400 pages, but only one moment sticks out

Here Comes Everybody: The Story of the Pogues

James Fearnley

Faber and Faber; €15.99

Review: Des O’Driscoll

The problem with writing a book subtitled “the story of the Pogues” is that most people really only want to read about one man in that band. Presumably that’s why James Fearnley’s face doesn’t grace the cover of a publication he actually wrote as his own autobiography. Instead we are treated to Shane MacGowan’s gap-toothed grimace.

Perhaps public fascination with the London-born singer is also the reason why the most detailed paragraph in the entire 400 pages is an excruciating description of MacGowan having a wee. Y-fronts, “lolling” foreskin, and drips on trousers and shoes, in case you were wondering.

Fearnley should be in an ideal position to peel back the skin on his former bandmate and give us a more rounded picture of man most of us only know superficially as: a) an abuser of alcohol and other substances; b) a genius songwriter. A Mancunian with no ties to Ireland, Fearnley first encountered MacGowan in 1980, when they played in a band called the Nipple Erectors.

He followed him to The Pogues, where MacGowan became more punk than the punks themselves as he led a band that combined the fizzling energy of that revolutionary musical movement with a drink-sodden Irishness that drew inspiration from Brendan Behan and a long musical tradition.

Unfortunately, despite the slew of anecdotes this book provides, we don’t know a whole lot more about MacGowan by the end of it. Perhaps he really was such an impenetrable creature that the guts of 11 years on the road with him revealed so little. We do read he was a drunken genius whose addiction issues seem to have increased his unreliability as the years went on. There are hints at an unhappy childhood and obvious social anxieties, and glimpses of selfishness and violence, but little of real insight on the man who was at the centre of the band.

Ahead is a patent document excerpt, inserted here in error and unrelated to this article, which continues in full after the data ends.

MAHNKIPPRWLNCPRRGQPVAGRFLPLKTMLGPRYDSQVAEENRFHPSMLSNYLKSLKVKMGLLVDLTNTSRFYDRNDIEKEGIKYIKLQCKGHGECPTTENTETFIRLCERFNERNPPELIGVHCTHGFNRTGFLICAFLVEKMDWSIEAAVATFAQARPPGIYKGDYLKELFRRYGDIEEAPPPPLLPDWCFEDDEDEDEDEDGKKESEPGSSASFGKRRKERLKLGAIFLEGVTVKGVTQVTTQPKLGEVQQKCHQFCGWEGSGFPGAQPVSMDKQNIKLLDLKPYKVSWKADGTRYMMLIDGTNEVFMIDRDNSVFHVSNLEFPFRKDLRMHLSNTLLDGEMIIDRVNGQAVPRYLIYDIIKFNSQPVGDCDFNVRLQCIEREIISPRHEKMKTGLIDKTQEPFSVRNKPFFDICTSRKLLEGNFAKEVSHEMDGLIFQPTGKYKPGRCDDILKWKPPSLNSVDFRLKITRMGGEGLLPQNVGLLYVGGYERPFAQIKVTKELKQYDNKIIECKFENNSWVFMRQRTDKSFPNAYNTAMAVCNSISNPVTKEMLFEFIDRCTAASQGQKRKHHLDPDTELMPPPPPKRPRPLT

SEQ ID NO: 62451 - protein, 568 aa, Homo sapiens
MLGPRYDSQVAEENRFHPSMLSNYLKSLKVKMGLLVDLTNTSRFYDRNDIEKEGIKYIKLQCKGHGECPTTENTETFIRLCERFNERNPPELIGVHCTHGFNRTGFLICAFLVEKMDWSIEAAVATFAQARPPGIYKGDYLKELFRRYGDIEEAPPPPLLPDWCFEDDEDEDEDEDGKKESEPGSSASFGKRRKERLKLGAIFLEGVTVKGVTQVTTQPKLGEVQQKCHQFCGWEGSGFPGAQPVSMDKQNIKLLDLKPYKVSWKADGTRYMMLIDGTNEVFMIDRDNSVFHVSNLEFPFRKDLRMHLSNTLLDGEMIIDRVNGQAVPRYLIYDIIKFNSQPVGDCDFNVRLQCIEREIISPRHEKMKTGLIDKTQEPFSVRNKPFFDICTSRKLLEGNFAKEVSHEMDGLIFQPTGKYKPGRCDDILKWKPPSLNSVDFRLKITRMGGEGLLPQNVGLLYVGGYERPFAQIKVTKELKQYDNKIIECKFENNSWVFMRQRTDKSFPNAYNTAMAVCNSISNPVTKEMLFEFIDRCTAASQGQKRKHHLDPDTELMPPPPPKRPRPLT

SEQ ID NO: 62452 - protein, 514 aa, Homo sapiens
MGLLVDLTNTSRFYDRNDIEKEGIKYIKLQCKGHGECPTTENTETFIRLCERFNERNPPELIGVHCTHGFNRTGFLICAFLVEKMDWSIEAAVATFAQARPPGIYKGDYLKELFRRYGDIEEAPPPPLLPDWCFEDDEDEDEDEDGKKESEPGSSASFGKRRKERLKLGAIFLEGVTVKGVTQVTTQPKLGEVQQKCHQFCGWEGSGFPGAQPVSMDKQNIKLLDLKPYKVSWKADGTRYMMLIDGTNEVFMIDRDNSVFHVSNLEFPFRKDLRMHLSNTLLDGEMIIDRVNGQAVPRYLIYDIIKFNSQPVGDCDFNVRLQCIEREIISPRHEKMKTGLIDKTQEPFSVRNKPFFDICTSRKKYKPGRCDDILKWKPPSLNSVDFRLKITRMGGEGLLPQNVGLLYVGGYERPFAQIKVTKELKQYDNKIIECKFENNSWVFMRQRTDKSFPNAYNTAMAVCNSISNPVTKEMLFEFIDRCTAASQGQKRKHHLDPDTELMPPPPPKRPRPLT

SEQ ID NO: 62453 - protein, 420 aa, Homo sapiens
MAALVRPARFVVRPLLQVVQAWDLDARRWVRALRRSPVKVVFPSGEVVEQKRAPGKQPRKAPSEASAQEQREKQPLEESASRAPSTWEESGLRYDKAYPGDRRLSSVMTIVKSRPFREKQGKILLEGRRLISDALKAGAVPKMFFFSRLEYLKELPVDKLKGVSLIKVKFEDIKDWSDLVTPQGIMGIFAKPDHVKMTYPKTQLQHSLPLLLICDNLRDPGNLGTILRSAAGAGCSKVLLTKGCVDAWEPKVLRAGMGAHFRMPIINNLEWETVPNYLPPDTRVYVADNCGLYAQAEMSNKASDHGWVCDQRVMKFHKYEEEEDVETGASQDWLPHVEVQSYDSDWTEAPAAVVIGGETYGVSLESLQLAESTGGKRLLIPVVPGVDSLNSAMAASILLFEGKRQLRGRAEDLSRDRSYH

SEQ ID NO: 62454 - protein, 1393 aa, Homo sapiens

Amazingly, this memoir also seems to indicate that being in The Pogues wasn’t half the fun it should have been. They drank as much as you’d imagine, but it wasn’t the sort of happy-go-lucky fare the proud Gael is famous for. This is hit the self-destruct button on a tour you didn’t want to go on anyway, and hope the bus driver is accommodating enough to stop when you need to puke. “A cold, dreary and dismal three weeks”, isn’t exactly the stuff rock’n’roll dreams are made of. To make matters worse, money always seemed to be an issue, even at the height of the band’s fame.

For the musically-inclined, accordion player Fearnley does get into the nitty-gritty of chord progressions and harmonic structures, and there are tales of the colossal figures of Elvis Costello and Joe Strummer, both of whom spent quite a bit of time with the band.

As a piece of writing, the author’s creative flourishes can be over-ambitious and the anecdotes often don’t deliver enough to appeal beyond people with a particular interest in The Pogues or their era. But at the very least, Fearnley has managed to sear that image of Shane MacGowan’s penis on the brain of anyone who reads it. Thanks James.

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